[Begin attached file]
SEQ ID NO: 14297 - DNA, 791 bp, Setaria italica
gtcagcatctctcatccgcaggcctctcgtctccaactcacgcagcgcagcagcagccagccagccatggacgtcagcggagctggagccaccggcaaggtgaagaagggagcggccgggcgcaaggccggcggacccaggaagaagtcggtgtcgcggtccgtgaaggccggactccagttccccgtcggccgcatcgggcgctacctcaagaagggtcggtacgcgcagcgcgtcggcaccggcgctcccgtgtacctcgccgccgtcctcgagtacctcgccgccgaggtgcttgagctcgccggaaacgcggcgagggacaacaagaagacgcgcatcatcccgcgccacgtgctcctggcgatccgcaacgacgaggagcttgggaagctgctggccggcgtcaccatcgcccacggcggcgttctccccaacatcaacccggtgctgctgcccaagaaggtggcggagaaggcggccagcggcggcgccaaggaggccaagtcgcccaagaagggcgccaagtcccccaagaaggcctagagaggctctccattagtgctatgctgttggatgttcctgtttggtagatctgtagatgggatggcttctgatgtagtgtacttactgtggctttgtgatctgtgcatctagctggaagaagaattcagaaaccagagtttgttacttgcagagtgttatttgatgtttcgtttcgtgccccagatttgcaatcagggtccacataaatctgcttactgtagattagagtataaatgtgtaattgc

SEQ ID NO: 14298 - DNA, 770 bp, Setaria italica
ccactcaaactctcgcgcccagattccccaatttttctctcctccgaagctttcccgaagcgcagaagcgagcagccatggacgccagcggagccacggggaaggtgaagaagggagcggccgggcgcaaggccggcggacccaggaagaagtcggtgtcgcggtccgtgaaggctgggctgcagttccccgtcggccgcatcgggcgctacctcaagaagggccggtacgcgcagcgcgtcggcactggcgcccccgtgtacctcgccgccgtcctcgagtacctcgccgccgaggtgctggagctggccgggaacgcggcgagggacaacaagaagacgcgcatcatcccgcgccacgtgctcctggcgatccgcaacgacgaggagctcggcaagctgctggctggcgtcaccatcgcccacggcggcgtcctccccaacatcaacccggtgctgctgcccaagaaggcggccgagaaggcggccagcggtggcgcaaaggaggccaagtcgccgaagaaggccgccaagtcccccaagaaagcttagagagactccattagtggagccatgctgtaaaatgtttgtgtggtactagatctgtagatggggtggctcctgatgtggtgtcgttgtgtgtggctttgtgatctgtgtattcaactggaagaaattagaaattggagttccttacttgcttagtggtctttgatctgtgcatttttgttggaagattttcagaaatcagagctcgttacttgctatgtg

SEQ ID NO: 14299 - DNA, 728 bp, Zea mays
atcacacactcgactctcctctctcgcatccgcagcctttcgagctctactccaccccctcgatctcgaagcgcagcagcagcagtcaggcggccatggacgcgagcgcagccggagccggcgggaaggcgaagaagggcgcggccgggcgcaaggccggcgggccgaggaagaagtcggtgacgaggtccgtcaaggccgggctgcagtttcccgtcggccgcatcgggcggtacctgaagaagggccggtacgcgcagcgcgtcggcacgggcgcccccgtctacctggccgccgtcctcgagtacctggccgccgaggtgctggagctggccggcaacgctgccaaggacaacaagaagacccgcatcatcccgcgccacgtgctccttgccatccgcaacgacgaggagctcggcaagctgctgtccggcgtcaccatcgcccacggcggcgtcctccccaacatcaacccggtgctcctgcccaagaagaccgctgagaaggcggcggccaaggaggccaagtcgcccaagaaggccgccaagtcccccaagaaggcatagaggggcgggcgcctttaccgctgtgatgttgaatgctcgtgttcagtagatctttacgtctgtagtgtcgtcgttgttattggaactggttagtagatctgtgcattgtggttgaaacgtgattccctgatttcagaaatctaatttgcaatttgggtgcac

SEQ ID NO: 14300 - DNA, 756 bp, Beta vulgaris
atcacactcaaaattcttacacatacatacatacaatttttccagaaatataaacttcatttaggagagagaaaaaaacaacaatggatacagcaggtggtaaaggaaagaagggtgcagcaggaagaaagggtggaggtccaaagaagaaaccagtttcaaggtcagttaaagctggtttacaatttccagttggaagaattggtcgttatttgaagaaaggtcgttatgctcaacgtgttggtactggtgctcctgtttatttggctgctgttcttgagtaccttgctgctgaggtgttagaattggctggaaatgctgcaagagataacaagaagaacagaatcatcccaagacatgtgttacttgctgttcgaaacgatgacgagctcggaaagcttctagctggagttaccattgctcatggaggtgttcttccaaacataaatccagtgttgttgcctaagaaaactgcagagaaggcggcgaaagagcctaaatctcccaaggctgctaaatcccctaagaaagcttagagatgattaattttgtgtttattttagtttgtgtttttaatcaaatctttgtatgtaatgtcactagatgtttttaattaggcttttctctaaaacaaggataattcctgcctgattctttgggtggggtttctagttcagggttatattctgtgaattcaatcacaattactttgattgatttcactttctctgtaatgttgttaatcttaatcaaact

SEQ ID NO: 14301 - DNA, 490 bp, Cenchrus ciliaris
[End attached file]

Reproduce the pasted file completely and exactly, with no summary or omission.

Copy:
SEQ ID NO: 14297 - DNA, 791 bp, Setaria italica
gtcagcatctctcatccgcaggcctctcgtctccaactcacgcagcgcagcagcagccagccagccatggacgtcagcggagctggagccaccggcaaggtgaagaagggagcggccgggcgcaaggccggcggacccaggaagaagtcggtgtcgcggtccgtgaaggccggactccagttccccgtcggccgcatcgggcgctacctcaagaagggtcggtacgcgcagcgcgtcggcaccggcgctcccgtgtacctcgccgccgtcctcgagtacctcgccgccgaggtgcttgagctcgccggaaacgcggcgagggacaacaagaagacgcgcatcatcccgcgccacgtgctcctggcgatccgcaacgacgaggagcttgggaagctgctggccggcgtcaccatcgcccacggcggcgttctccccaacatcaacccggtgctgctgcccaagaaggtggcggagaaggcggccagcggcggcgccaaggaggccaagtcgcccaagaagggcgccaagtcccccaagaaggcctagagaggctctccattagtgctatgctgttggatgttcctgtttggtagatctgtagatgggatggcttctgatgtagtgtacttactgtggctttgtgatctgtgcatctagctggaagaagaattcagaaaccagagtttgttacttgcagagtgttatttgatgtttcgtttcgtgccccagatttgcaatcagggtccacataaatctgcttactgtagattagagtataaatgtgtaattgc

SEQ ID NO: 14298 - DNA, 770 bp, Setaria italica
ccactcaaactctcgcgcccagattccccaatttttctctcctccgaagctttcccgaagcgcagaagcgagcagccatggacgccagcggagccacggggaaggtgaagaagggagcggccgggcgcaaggccggcggacccaggaagaagtcggtgtcgcggtccgtgaaggctgggctgcagttccccgtcggccgcatcgggcgctacctcaagaagggccggtacgcgcagcgcgtcggcactggcgcccccgtgtacctcgccgccgtcctcgagtacctcgccgccgaggtgctggagctggccgggaacgcggcgagggacaacaagaagacgcgcatcatcccgcgccacgtgctcctggcgatccgcaacgacgaggagctcggcaagctgctggctggcgtcaccatcgcccacggcggcgtcctccccaacatcaacccggtgctgctgcccaagaaggcggccgagaaggcggccagcggtggcgcaaaggaggccaagtcgccgaagaaggccgccaagtcccccaagaaagcttagagagactccattagtggagccatgctgtaaaatgtttgtgtggtactagatctgtagatggggtggctcctgatgtggtgtcgttgtgtgtggctttgtgatctgtgtattcaactggaagaaattagaaattggagttccttacttgcttagtggtctttgatctgtgcatttttgttggaagattttcagaaatcagagctcgttacttgctatgtg

SEQ ID NO: 14299 - DNA, 728 bp, Zea mays
atcacacactcgactctcctctctcgcatccgcagcctttcgagctctactccaccccctcgatctcgaagcgcagcagcagcagtcaggcggccatggacgcgagcgcagccggagccggcgggaaggcgaagaagggcgcggccgggcgcaaggccggcgggccgaggaagaagtcggtgacgaggtccgtcaaggccgggctgcagtttcccgtcggccgcatcgggcggtacctgaagaagggccggtacgcgcagcgcgtcggcacgggcgcccccgtctacctggccgccgtcctcgagtacctggccgccgaggtgctggagctggccggcaacgctgccaaggacaacaagaagacccgcatcatcccgcgccacgtgctccttgccatccgcaacgacgaggagctcggcaagctgctgtccggcgtcaccatcgcccacggcggcgtcctccccaacatcaacccggtgctcctgcccaagaagaccgctgagaaggcggcggccaaggaggccaagtcgcccaagaaggccgccaagtcccccaagaaggcatagaggggcgggcgcctttaccgctgtgatgttgaatgctcgtgttcagtagatctttacgtctgtagtgtcgtcgttgttattggaactggttagtagatctgtgcattgtggttgaaacgtgattccctgatttcagaaatctaatttgcaatttgggtgcac

SEQ ID NO: 14300 - DNA, 756 bp, Beta vulgaris
atcacactcaaaattcttacacatacatacatacaatttttccagaaatataaacttcatttaggagagagaaaaaaacaacaatggatacagcaggtggtaaaggaaagaagggtgcagcaggaagaaagggtggaggtccaaagaagaaaccagtttcaaggtcagttaaagctggtttacaatttccagttggaagaattggtcgttatttgaagaaaggtcgttatgctcaacgtgttggtactggtgctcctgtttatttggctgctgttcttgagtaccttgctgctgaggtgttagaattggctggaaatgctgcaagagataacaagaagaacagaatcatcccaagacatgtgttacttgctgttcgaaacgatgacgagctcggaaagcttctagctggagttaccattgctcatggaggtgttcttccaaacataaatccagtgttgttgcctaagaaaactgcagagaaggcggcgaaagagcctaaatctcccaaggctgctaaatcccctaagaaagcttagagatgattaattttgtgtttattttagtttgtgtttttaatcaaatctttgtatgtaatgtcactagatgtttttaattaggcttttctctaaaacaaggataattcctgcctgattctttgggtggggtttctagttcagggttatattctgtgaattcaatcacaattactttgattgatttcactttctctgtaatgttgttaatcttaatcaaact

SEQ ID NO: 14301 - DNA, 490 bp, Cenchrus ciliaris